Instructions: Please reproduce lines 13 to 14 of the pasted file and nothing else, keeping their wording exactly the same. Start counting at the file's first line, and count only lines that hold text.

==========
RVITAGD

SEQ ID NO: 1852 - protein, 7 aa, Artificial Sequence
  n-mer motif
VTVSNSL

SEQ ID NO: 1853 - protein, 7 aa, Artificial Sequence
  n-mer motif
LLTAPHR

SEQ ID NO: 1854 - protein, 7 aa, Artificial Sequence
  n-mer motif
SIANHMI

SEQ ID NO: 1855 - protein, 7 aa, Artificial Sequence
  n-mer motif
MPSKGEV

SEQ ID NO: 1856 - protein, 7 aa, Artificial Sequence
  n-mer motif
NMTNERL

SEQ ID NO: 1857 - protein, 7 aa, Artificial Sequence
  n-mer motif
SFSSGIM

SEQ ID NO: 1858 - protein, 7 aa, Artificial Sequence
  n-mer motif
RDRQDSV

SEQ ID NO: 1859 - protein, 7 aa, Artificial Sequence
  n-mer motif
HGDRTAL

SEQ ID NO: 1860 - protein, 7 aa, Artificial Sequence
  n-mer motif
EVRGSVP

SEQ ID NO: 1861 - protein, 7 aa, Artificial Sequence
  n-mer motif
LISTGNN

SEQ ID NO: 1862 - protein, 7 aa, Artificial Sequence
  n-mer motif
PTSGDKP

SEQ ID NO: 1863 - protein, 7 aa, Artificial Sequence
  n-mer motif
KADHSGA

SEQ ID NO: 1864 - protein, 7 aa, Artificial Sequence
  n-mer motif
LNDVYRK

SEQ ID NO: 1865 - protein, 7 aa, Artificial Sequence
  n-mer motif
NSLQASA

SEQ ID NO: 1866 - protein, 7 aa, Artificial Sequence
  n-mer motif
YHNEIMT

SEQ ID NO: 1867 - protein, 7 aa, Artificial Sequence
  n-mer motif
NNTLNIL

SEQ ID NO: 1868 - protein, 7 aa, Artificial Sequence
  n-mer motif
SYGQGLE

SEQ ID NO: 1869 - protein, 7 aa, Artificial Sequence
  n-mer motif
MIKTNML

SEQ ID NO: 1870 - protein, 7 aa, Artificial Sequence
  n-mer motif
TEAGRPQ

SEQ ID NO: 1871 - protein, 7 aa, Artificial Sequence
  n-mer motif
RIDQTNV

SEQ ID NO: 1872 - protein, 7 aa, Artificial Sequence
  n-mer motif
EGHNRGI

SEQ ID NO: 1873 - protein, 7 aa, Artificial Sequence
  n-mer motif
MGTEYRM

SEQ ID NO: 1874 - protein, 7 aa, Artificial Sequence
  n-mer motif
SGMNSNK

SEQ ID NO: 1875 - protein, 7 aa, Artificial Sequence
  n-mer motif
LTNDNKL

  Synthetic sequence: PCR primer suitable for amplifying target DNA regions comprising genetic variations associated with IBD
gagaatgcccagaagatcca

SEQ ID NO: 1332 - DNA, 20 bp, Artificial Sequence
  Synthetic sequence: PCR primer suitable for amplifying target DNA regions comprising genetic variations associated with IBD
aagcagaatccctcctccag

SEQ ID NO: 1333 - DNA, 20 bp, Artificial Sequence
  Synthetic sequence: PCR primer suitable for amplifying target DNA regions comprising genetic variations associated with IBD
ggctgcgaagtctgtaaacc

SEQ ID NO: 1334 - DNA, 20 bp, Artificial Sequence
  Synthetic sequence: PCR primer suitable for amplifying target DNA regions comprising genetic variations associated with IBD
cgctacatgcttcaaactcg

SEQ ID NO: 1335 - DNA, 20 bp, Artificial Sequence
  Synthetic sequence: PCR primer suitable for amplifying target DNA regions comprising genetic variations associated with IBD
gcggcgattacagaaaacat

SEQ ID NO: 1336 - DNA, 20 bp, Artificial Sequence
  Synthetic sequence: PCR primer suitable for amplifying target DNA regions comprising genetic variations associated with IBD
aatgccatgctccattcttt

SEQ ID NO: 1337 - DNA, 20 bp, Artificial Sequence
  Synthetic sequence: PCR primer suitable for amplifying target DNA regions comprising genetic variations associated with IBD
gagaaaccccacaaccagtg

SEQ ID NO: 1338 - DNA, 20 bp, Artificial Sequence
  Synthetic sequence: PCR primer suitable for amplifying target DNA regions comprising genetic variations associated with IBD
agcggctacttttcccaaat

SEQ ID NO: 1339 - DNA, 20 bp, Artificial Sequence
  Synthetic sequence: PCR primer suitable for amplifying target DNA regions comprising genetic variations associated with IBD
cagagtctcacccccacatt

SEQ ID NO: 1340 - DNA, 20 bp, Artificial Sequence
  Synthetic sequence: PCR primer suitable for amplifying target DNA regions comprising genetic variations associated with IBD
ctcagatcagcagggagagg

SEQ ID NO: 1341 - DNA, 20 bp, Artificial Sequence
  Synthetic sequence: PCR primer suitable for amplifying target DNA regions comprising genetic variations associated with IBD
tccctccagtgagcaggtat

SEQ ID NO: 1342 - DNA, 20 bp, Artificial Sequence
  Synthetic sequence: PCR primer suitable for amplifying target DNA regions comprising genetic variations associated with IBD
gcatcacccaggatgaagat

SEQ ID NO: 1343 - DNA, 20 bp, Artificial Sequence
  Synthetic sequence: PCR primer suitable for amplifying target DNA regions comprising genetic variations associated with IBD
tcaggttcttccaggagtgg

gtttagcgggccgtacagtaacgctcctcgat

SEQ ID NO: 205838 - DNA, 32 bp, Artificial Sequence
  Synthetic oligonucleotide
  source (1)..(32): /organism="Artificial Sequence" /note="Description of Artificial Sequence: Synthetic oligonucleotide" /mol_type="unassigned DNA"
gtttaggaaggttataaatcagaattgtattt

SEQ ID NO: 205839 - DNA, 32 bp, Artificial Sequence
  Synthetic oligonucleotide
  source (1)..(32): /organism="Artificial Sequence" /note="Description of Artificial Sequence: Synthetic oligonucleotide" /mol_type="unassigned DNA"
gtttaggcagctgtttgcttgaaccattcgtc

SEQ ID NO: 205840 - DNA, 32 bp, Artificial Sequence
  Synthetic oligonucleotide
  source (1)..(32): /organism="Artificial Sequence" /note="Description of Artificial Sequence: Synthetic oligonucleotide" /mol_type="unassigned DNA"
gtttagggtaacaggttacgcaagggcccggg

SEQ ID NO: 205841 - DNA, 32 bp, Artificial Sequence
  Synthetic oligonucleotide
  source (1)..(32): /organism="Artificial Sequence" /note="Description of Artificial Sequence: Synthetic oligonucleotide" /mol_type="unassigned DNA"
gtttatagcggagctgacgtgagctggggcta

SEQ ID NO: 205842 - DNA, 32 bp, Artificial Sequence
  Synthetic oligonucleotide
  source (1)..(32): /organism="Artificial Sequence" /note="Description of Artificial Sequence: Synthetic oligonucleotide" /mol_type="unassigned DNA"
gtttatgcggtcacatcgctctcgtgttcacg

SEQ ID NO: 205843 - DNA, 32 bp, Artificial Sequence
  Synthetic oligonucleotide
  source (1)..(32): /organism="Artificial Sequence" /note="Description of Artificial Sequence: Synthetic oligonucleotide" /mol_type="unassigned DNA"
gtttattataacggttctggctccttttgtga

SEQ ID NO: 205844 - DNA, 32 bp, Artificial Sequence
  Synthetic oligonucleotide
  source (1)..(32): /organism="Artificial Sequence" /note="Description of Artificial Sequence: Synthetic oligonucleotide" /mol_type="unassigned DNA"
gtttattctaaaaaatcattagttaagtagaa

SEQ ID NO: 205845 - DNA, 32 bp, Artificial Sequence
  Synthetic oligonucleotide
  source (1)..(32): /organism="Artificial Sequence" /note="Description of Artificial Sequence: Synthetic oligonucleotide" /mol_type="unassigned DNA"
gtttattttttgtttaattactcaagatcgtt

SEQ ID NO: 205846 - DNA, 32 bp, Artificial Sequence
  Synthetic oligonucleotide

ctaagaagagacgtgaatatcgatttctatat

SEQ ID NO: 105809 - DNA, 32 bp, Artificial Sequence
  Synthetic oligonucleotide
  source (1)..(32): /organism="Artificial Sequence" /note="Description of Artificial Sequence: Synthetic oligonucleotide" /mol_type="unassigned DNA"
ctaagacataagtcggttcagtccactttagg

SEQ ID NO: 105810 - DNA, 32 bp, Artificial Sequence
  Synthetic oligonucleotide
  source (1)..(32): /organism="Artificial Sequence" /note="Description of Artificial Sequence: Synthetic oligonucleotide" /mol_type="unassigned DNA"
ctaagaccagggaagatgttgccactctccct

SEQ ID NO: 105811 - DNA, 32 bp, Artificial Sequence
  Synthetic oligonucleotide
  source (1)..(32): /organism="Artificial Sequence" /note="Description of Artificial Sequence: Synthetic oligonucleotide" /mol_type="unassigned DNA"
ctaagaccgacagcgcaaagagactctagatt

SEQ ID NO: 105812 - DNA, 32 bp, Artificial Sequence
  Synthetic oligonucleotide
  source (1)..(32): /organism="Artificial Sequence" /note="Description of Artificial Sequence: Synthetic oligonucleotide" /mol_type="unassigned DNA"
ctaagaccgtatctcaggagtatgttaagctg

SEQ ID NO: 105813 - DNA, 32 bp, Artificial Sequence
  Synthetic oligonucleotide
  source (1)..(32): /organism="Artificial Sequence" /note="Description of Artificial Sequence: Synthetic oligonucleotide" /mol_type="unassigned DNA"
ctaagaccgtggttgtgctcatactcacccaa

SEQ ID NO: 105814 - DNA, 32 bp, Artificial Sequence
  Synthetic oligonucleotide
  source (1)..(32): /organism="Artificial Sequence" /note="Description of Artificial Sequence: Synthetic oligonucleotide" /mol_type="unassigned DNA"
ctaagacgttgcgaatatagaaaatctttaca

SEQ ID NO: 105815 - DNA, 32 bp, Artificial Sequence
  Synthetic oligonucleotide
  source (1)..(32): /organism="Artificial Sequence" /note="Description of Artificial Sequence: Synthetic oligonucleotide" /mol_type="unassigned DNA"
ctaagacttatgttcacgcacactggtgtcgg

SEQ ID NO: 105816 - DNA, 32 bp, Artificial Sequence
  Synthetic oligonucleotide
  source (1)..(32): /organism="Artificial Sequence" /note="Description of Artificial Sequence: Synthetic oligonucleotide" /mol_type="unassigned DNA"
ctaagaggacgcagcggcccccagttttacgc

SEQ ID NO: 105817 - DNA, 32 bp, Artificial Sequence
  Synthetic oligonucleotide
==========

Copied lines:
MPSKGEV

SEQ ID NO: 1856 - protein, 7 aa, Artificial Sequence